My tailgate rattle just won’t shutup
Q: After rain or a car wash my 2012 Ford Territory has condensation on the inside of the front windscreen and I can find no water or leakage in the car. Have you had any window seal reports or anything of this nature? The tailgate also rattles and despite the best efforts of the dealer it just comes back again. Has anyone else mentioned this? Vicki, e-mail. A: Are you in the car when the condensation forms? If so that’s probably the reason. It’s a result of the humidity inside the car and it’s quite common. Running the airconditioner will dry the air and remove the condensation quite quickly. As for the rattling tailgate, persist with the dealer in getting it fixed. It really is a matter of tracking down the source of the rattle and directly addressing that. The dealer clearly hasn’t yet found the cause.
Q: I’ve noticed my new 2013 Jeep Grand Cherokee has rust on the underbody, particularly parts of the driveshafts and brakes, etc. The dealer says it’s nothing to worry about, it’s just surface rust, and all Jeeps have it. I checked another unsold car on their showroom floor and it is the same. Is this normal for a $60,000-plus car, or am I worrying too much? Bob Smith, e-mail. A: Jeeps seem to have suffered from rusty underbodies, even right back to the first ones that came here in the 1990s. It’s a crook look, and would bother me, but as long as the underbody itself isn’t rusty, you should be OK. If you wanted you could spray it with some rust preventative.
Q: In the last few months, my wife’s 2008 Holden Viva automatic has begun stalling while in drive idling at traffic lights. It has occurred a few times in a row within a few minutes, but at times it might go a week or so without stalling. Once or twice it has also been happening while slowing down to make a turn at a roundabout. I have noticed that it has been idling around 850-875 rpm in drive and idling very rough at times usually when it might happen. What can I do to fix this ongoing and very dangerous problem? Harry Lagos, e-mail. A: It could be a vacuum leak, like a split vacuum hose or such like that’s causing the idle mixture to be too lean. It could also be a sensor that’s gone on the blink and sending the wrong signals to the computer. You really need to have a mechanic check it.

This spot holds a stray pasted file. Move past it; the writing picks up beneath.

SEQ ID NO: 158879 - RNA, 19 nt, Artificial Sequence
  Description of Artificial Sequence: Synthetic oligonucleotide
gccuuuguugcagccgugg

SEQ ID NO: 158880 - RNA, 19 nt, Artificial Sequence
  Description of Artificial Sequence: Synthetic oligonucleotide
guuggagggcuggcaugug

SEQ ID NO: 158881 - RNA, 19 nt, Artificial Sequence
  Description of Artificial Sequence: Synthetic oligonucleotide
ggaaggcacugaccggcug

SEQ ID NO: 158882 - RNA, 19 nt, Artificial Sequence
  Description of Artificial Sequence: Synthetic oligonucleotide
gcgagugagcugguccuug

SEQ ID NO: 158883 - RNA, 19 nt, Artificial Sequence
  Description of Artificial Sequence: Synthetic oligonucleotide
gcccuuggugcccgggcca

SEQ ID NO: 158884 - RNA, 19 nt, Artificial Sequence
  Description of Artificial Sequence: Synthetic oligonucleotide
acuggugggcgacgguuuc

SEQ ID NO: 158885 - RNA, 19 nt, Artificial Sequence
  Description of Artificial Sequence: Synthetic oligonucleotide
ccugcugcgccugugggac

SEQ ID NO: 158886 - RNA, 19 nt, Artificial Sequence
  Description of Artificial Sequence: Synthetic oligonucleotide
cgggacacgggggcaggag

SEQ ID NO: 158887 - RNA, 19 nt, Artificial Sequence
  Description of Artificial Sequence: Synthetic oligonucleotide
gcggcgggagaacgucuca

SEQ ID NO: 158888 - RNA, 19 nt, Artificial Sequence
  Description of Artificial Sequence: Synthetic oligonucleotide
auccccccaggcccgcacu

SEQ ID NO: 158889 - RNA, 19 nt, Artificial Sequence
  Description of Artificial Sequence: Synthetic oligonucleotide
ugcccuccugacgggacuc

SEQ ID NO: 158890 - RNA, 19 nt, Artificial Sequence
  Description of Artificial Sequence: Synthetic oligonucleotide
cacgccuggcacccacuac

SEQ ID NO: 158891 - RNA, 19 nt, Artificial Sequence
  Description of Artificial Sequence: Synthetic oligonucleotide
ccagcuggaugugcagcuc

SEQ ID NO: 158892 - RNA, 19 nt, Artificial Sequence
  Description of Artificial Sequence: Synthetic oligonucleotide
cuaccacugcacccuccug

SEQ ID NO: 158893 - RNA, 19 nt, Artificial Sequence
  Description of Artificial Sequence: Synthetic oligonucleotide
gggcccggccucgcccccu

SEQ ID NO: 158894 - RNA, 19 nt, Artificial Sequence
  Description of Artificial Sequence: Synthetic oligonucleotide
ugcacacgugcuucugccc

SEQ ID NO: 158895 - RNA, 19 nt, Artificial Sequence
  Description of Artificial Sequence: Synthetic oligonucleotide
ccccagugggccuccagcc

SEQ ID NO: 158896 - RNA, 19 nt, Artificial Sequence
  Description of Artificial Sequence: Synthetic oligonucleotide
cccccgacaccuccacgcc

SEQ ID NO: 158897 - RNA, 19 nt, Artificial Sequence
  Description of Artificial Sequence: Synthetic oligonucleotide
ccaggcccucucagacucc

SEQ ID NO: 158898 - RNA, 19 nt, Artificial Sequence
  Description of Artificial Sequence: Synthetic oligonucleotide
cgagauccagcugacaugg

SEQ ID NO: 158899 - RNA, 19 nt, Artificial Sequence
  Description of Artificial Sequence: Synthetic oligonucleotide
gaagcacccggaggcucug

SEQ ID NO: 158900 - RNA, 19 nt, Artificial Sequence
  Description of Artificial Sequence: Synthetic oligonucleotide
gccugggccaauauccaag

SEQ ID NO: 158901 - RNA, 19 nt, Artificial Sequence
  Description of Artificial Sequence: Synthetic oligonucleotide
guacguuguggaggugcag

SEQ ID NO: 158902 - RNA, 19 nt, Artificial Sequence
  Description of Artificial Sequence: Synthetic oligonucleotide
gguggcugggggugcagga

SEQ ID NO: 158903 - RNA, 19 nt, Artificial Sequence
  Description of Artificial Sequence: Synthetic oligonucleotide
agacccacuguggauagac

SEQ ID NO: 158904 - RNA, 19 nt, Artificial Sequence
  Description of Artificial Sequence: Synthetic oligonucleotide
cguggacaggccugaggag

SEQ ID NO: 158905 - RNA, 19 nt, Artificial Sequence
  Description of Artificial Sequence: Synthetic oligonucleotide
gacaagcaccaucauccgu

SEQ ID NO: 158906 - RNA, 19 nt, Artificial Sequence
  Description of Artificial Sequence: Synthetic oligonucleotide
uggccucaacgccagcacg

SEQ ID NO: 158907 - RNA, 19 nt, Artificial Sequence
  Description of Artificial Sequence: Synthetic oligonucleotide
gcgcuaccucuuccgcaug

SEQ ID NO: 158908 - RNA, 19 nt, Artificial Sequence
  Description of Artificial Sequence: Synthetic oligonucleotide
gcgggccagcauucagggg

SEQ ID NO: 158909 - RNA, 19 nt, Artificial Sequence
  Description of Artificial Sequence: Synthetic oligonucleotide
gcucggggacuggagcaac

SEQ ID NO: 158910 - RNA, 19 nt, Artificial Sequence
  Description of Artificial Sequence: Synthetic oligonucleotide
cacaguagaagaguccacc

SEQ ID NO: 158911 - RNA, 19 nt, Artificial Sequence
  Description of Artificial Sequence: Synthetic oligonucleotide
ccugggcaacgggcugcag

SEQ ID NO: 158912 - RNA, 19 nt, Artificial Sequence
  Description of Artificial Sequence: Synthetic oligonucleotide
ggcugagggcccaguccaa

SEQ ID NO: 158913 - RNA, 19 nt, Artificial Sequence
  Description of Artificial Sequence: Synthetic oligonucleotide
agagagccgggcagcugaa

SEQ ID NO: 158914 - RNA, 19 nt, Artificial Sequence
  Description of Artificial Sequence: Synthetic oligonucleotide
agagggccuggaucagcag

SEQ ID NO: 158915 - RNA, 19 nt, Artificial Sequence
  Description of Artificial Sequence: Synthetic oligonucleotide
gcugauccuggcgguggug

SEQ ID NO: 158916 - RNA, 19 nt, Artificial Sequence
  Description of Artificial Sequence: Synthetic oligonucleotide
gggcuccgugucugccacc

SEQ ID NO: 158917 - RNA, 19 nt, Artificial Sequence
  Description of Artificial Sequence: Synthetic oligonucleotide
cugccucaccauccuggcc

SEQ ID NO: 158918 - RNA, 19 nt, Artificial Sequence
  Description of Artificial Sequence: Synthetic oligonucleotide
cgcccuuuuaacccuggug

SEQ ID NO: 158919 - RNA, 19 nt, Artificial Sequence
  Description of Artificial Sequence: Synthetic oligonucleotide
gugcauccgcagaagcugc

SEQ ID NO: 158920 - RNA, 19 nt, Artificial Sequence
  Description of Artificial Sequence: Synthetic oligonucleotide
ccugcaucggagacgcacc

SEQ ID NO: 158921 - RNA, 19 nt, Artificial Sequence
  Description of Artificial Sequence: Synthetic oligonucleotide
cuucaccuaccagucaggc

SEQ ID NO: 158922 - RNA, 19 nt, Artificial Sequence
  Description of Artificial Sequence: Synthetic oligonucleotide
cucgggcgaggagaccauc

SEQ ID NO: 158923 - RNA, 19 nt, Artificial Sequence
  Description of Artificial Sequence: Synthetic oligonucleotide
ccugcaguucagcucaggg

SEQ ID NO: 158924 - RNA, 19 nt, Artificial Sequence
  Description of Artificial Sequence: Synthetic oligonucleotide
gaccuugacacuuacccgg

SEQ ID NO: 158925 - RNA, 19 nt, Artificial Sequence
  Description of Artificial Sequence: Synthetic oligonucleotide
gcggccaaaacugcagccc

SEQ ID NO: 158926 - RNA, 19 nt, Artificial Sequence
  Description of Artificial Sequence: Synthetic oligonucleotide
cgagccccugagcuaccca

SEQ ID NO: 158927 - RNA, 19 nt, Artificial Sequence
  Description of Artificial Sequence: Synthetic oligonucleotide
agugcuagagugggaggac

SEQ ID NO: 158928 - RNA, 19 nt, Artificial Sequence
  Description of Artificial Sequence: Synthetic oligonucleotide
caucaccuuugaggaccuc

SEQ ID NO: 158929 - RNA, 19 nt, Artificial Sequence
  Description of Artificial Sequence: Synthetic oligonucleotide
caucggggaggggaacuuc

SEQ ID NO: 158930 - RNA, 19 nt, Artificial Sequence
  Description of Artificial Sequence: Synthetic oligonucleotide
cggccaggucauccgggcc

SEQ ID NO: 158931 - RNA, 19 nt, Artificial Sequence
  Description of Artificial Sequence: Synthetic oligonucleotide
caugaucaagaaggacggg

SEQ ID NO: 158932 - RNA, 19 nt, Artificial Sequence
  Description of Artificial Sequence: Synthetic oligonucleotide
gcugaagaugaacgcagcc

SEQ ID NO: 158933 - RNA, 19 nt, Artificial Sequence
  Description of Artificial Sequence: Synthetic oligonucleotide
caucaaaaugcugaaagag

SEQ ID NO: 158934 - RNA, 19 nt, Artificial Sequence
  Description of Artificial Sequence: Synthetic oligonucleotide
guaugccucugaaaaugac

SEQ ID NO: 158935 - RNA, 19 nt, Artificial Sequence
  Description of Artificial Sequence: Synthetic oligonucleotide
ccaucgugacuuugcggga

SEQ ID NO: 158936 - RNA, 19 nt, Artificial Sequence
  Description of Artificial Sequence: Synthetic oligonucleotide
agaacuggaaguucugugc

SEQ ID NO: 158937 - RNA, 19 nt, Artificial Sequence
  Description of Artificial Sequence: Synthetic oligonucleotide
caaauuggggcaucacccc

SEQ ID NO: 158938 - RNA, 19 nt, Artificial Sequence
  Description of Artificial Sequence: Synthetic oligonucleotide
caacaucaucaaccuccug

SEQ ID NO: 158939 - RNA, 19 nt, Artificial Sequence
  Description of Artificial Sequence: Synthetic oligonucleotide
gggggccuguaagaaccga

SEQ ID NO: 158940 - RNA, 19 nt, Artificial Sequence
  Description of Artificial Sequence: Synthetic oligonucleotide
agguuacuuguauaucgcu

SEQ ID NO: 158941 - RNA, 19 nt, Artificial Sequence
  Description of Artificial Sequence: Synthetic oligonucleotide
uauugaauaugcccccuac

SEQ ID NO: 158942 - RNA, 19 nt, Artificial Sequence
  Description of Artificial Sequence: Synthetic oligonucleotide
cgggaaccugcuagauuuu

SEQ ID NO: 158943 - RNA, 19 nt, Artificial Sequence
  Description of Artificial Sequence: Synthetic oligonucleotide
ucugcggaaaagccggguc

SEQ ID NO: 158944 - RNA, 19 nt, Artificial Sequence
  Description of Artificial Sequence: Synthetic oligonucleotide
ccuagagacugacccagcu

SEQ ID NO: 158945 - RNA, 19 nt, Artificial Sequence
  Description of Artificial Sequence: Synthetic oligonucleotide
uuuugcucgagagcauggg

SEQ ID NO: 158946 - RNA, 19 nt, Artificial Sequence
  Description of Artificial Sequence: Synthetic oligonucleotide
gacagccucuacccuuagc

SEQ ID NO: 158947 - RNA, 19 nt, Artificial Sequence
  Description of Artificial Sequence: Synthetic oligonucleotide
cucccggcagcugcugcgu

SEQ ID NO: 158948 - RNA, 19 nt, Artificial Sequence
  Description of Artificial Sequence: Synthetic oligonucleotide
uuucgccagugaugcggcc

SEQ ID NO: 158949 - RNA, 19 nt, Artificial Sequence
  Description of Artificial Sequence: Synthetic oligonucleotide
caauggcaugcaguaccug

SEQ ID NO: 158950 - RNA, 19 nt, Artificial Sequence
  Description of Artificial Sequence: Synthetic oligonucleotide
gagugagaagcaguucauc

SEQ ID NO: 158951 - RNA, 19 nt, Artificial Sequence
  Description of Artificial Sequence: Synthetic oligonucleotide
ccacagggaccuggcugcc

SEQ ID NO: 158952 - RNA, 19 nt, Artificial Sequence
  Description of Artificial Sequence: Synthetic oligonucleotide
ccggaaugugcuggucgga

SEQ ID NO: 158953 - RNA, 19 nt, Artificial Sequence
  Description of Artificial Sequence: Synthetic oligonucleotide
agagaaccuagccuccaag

Q: After reading recent complaints in your column about oil consumption of the Commodore V6 I checked the oil level in my Series II Commodore SV6 and I was stunned to find it didn’t register on the dipstick at all. There has never been any indication, warning lights etc. to suggest there might have been a problem. It took 3.5 litres of oil to return it to the correct level. It has done just less than 28,000km and it was 15,000km since its last service. When I reported the high usage at the 30,000km service the dealer advised that it met Holden’s spec and that I had nothing to worry about as the engine still had approx. four litres of oil left. I protested that the oil usage was not correct and it should be fixed. It was then that they advised that Holden was aware of the problem and that it was a breathing issue with the motor, oil was being sucked from the sump and blown out the exhaust. They said Holden was working on the problem and a fix was due later this year. Am I being fed a line or are you aware that Holden is working on the problem? Graeme Crook, e-mail. A: Holden has told us that the oil consumption of your car appears not to be ‘‘within normal operating boundaries for engine oil consumption and sounds quite concerning.’’ The company is keen to resolve this issue with you, but needs your details to be able to make contact. If you would like to have your car